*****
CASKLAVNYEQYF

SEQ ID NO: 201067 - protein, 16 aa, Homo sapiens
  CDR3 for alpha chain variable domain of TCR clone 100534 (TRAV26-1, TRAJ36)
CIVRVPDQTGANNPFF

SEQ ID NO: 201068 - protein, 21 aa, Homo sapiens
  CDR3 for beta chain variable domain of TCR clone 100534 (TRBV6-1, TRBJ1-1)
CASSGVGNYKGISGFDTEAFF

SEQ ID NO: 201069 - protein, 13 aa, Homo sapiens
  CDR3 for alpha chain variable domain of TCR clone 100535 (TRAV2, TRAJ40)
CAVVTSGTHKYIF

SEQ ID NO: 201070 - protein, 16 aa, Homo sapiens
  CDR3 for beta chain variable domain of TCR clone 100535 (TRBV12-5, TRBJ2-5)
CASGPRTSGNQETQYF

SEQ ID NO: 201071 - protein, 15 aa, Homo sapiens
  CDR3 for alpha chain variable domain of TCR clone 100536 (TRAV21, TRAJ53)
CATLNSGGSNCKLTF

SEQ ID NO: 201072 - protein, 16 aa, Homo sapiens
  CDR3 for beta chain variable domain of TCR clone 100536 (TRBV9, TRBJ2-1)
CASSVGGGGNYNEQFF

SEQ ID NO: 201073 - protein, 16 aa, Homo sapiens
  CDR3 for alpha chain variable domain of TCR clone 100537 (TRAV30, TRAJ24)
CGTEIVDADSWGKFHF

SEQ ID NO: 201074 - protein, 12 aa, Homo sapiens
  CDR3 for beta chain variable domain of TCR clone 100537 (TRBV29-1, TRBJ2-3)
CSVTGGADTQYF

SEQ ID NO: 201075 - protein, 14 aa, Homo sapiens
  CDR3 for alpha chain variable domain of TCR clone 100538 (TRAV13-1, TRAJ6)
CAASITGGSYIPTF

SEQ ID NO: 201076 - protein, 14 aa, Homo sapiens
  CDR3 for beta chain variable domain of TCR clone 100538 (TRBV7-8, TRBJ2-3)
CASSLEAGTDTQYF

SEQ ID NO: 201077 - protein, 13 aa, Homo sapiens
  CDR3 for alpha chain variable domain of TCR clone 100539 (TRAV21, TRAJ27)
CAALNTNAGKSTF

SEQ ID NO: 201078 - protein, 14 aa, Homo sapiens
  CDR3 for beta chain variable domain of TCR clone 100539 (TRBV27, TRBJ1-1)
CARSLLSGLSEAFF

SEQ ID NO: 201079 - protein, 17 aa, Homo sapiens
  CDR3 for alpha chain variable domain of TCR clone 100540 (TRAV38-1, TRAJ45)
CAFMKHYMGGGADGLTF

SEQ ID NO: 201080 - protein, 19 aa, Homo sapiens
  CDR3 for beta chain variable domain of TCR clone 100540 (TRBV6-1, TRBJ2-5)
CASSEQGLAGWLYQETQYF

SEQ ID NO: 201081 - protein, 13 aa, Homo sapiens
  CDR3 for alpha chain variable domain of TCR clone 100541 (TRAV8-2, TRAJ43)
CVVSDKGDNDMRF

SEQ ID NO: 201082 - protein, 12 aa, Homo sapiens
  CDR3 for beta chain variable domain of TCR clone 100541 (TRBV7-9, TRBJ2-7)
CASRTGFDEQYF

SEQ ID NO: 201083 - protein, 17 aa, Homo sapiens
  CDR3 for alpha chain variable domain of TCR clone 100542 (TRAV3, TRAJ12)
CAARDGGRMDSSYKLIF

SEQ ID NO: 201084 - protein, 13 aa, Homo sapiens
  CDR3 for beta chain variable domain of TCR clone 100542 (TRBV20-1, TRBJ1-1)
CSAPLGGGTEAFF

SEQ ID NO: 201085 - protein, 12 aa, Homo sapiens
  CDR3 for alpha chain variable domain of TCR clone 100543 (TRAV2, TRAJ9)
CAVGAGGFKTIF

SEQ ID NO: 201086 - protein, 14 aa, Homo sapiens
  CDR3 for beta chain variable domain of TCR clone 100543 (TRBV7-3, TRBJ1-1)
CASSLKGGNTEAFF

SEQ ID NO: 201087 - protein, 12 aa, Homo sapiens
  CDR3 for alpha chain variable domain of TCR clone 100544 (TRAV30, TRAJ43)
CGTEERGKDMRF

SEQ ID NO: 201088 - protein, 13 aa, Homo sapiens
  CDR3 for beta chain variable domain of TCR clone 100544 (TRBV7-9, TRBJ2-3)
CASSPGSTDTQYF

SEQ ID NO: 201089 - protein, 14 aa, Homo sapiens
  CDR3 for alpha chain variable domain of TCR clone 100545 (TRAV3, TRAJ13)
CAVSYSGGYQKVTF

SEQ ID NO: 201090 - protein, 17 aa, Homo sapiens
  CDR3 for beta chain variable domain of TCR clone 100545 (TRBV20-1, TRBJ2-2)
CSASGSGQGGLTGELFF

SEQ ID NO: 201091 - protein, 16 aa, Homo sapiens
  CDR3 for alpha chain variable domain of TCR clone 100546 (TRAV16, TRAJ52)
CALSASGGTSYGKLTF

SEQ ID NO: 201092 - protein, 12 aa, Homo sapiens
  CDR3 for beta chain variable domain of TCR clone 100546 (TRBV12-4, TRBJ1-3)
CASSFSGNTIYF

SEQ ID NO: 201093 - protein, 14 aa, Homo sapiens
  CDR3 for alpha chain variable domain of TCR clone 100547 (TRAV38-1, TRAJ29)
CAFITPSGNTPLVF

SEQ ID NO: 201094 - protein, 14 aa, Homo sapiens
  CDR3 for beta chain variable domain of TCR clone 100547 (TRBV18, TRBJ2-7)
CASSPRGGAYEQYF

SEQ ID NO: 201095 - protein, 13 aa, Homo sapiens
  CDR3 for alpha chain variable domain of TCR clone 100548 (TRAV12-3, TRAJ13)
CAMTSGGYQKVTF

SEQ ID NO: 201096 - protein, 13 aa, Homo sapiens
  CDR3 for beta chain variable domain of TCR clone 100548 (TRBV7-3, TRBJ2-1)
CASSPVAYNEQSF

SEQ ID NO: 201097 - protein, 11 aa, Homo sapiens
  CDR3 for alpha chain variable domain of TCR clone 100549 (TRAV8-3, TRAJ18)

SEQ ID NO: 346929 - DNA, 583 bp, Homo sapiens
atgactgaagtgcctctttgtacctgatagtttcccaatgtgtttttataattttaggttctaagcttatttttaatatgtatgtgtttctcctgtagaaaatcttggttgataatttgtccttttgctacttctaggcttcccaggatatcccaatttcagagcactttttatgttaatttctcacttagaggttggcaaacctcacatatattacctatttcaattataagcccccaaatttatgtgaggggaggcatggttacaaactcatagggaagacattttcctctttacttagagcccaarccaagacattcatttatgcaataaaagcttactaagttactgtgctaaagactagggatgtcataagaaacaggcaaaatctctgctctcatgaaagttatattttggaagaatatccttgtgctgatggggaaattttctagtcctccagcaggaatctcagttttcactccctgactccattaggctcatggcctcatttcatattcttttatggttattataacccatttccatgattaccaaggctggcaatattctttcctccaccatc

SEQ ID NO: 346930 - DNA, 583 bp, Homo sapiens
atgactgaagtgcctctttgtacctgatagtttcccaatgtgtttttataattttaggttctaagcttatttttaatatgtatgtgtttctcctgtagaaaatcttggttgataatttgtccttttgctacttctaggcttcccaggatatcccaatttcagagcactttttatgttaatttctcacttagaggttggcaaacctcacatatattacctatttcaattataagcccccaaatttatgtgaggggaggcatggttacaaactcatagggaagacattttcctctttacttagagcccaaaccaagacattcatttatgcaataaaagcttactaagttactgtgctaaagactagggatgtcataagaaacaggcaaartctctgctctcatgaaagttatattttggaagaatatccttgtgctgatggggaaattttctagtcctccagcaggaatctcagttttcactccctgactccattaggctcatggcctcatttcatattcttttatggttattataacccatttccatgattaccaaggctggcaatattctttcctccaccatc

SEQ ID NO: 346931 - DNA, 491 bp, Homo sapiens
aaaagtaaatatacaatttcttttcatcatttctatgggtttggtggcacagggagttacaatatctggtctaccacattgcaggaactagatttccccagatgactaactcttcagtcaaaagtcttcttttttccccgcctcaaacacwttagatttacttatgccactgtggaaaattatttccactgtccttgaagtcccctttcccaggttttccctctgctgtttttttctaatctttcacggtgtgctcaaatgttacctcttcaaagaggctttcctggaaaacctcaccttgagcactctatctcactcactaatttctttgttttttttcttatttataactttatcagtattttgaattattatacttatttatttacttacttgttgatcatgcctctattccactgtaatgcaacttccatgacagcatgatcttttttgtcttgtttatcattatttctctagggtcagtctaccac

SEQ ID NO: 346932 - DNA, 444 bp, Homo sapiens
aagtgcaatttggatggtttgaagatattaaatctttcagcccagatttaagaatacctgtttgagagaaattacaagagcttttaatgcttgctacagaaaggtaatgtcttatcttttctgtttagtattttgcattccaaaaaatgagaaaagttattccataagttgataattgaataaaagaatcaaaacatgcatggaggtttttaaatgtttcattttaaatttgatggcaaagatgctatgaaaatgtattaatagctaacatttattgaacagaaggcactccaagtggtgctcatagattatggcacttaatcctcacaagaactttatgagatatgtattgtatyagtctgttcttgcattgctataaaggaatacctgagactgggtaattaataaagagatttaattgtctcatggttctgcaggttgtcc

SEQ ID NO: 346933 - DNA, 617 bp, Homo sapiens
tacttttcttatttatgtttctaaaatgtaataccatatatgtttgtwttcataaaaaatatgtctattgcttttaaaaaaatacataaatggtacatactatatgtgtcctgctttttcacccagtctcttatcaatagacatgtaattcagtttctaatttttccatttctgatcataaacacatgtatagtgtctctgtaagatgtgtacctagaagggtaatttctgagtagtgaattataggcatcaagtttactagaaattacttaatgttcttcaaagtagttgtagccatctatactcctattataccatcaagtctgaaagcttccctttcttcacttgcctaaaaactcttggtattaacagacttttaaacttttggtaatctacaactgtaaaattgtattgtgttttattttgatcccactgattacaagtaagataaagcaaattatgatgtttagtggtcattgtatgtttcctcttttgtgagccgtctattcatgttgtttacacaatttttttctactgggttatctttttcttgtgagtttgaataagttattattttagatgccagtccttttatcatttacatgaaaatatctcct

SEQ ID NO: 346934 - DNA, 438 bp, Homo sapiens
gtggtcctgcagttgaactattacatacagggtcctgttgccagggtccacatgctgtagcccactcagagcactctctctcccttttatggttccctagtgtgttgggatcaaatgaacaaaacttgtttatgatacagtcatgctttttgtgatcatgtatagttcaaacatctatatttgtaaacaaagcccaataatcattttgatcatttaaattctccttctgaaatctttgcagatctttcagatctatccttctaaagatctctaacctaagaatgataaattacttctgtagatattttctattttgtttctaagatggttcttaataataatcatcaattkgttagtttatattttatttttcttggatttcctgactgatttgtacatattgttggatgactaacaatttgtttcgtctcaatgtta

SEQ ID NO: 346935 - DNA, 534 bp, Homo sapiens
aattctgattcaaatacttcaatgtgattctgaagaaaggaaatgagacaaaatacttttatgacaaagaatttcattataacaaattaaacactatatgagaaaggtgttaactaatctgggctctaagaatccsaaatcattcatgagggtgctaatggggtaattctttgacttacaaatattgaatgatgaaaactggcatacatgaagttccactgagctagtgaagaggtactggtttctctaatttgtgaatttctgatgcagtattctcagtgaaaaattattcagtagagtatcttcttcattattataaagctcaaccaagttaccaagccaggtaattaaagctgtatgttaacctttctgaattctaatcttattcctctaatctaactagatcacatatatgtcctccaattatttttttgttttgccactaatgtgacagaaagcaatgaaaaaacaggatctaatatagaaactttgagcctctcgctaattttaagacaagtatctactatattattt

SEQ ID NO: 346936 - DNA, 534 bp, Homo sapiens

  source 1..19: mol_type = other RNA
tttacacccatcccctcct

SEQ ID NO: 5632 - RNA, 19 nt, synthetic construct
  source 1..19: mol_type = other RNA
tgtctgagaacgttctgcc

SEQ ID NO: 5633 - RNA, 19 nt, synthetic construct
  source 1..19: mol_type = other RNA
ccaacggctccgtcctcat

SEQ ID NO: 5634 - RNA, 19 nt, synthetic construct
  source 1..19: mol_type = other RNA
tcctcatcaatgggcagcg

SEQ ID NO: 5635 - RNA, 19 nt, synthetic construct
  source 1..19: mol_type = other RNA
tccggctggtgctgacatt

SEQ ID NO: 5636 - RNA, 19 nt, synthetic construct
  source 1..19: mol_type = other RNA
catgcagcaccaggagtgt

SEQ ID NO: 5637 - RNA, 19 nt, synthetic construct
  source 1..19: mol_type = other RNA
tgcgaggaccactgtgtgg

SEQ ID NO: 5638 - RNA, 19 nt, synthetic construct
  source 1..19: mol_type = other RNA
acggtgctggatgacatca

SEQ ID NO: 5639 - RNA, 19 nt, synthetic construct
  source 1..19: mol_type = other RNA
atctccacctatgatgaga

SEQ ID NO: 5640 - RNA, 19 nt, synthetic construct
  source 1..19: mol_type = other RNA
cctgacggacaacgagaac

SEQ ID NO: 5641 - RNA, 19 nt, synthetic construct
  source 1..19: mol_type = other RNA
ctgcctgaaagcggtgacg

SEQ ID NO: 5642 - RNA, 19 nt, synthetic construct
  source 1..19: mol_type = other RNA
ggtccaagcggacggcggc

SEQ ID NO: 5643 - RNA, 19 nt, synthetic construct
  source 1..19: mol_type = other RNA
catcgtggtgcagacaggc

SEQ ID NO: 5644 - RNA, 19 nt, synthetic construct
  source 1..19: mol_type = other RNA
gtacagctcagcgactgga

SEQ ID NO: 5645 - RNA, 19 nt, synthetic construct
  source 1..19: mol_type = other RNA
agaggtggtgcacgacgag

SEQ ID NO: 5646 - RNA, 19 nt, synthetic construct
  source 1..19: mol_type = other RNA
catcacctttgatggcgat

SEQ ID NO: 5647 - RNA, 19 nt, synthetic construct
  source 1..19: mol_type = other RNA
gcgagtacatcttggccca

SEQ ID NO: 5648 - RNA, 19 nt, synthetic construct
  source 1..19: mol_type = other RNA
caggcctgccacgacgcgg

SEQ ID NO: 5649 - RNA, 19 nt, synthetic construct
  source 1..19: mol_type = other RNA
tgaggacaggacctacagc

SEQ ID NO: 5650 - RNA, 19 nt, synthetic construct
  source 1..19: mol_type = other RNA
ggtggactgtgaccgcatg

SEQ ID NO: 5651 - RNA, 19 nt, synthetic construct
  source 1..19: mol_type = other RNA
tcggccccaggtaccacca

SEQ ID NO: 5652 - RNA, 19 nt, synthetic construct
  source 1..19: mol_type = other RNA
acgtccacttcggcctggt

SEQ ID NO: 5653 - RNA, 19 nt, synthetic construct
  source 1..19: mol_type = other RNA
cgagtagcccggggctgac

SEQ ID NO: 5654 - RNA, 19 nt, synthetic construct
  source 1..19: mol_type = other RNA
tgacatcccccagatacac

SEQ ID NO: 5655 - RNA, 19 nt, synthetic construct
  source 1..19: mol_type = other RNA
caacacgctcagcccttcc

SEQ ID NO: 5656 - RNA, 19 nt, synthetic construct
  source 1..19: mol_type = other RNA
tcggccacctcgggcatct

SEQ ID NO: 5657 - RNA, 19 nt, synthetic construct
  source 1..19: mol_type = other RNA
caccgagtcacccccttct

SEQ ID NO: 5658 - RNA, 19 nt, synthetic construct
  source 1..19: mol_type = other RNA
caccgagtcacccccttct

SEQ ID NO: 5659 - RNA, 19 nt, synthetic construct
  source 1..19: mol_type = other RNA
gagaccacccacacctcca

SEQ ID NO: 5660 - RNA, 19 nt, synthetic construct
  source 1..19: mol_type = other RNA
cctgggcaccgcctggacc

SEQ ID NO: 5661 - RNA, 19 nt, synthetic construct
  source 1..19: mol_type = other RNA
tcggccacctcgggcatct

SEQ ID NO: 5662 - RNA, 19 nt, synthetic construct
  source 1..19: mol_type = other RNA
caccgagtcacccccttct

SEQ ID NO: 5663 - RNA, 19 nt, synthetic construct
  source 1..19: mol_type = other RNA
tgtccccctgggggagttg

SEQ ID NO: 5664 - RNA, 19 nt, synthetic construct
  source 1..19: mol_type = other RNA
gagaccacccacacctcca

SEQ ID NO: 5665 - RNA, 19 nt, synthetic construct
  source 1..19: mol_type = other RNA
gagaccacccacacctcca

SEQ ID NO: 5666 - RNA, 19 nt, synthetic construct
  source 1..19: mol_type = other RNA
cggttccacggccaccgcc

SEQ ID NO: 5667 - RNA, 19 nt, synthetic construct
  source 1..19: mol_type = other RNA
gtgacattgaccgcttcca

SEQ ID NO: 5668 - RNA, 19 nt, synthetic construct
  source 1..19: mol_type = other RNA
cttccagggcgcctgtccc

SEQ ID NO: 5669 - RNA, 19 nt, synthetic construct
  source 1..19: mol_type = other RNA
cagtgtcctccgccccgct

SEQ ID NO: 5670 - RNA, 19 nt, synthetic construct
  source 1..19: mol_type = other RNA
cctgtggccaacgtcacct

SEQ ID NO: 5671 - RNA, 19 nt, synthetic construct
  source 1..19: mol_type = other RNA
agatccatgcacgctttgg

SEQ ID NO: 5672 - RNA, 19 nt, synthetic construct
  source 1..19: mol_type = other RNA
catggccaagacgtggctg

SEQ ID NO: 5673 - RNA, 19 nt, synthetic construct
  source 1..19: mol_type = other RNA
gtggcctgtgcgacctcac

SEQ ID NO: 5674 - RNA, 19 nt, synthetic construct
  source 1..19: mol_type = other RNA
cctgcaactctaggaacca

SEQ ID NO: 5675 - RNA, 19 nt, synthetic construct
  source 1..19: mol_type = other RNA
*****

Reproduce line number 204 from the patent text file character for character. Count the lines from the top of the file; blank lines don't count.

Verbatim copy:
SEQ ID NO: 5663 - RNA, 19 nt, synthetic construct